June 9, 1997

U.S. High Court lets stand abortion access law

WASHINGTON (Reuter) - The Supreme Court Monday rejected a constitutional challenge to a 1994 federal law that guarantees access to abortion clinics.

The justices turned down an appeal by Operation Rescue founder Randall Terry and five other abortion opponents arguing that Congress lacked the authority to adopt the law and claiming that it violates their free-speech rights.

The high court's action marked the sixth time since 1995 that the justices have let stand lower-court rulings upholding the law's constitutionality.

The law makes it a crime to use force, threats of force or physical obstruction to injure, intimidate or interfere with abortion clinic staff or their patients. It provides for civil and criminal penalties for violators.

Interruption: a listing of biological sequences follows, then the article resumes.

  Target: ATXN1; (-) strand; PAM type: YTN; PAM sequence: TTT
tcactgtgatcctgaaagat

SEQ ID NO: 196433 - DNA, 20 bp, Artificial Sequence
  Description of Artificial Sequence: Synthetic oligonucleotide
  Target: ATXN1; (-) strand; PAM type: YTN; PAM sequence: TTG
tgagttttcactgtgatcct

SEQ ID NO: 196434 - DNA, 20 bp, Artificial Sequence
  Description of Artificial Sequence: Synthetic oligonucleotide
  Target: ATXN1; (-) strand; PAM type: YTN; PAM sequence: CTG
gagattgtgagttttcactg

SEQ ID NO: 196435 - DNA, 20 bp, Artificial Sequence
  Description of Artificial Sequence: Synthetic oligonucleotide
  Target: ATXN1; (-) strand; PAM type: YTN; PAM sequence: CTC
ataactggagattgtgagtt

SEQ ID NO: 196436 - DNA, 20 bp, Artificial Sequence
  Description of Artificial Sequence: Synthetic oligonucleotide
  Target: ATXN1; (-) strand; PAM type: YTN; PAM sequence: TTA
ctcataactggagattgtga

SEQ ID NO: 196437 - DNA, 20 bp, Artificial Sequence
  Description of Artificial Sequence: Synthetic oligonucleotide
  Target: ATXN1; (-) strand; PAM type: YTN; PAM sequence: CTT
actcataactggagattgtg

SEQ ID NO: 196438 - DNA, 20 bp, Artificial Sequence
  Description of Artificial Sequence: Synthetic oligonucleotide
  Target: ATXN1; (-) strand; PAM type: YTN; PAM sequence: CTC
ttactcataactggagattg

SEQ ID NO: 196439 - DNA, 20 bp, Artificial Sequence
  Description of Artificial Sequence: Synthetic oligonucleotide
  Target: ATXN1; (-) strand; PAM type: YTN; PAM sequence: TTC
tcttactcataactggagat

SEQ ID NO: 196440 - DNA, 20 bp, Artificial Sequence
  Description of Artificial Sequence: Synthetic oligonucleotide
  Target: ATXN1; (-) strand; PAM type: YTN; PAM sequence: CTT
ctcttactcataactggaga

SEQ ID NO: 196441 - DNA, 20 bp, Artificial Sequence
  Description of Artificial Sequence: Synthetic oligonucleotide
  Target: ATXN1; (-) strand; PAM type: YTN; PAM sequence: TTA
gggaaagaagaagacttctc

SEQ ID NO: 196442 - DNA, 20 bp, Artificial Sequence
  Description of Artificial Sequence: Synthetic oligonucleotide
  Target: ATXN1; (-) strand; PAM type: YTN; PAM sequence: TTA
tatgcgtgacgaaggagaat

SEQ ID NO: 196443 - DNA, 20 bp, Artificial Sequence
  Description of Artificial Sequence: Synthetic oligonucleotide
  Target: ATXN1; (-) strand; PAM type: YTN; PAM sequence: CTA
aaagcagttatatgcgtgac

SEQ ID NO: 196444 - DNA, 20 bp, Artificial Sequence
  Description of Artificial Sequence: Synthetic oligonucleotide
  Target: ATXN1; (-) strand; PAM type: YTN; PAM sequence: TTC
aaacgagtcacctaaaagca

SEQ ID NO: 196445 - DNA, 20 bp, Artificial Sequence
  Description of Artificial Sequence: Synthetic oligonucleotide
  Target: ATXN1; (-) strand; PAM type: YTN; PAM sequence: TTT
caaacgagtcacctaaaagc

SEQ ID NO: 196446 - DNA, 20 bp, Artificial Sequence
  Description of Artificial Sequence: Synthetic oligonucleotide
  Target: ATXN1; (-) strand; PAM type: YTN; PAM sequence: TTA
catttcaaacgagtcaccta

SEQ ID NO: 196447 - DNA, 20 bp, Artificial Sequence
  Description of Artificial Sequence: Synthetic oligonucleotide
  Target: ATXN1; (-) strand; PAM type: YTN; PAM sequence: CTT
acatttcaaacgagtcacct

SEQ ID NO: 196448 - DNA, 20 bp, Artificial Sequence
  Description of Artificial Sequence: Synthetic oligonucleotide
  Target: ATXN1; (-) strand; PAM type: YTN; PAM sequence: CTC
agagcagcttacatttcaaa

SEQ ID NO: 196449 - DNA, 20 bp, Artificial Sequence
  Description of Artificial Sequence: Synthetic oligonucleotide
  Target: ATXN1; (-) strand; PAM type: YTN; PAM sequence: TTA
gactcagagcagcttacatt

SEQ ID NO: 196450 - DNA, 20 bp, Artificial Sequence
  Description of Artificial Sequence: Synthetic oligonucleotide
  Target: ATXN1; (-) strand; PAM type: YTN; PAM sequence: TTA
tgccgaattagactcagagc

The lawsuit challenging the measure was filed in May 1994, on the same day that President Clinton signed it into law.

In their appeal, Terry and the other abortion opponents argued that Congress lacked authority under the Constitution's Commerce Clause to enact the law, and said it violates their free-speech and assembly rights under the First Amendment.

The Justice Department strongly defended the law, telling the high court the measure prevents violence, preserves public access to health care and protects the exercise of the right to abortion. It said the law regulates conduct, not speech.

The Supreme Court, without any comment or dissent, sided with the Justice Department in denying the appeal.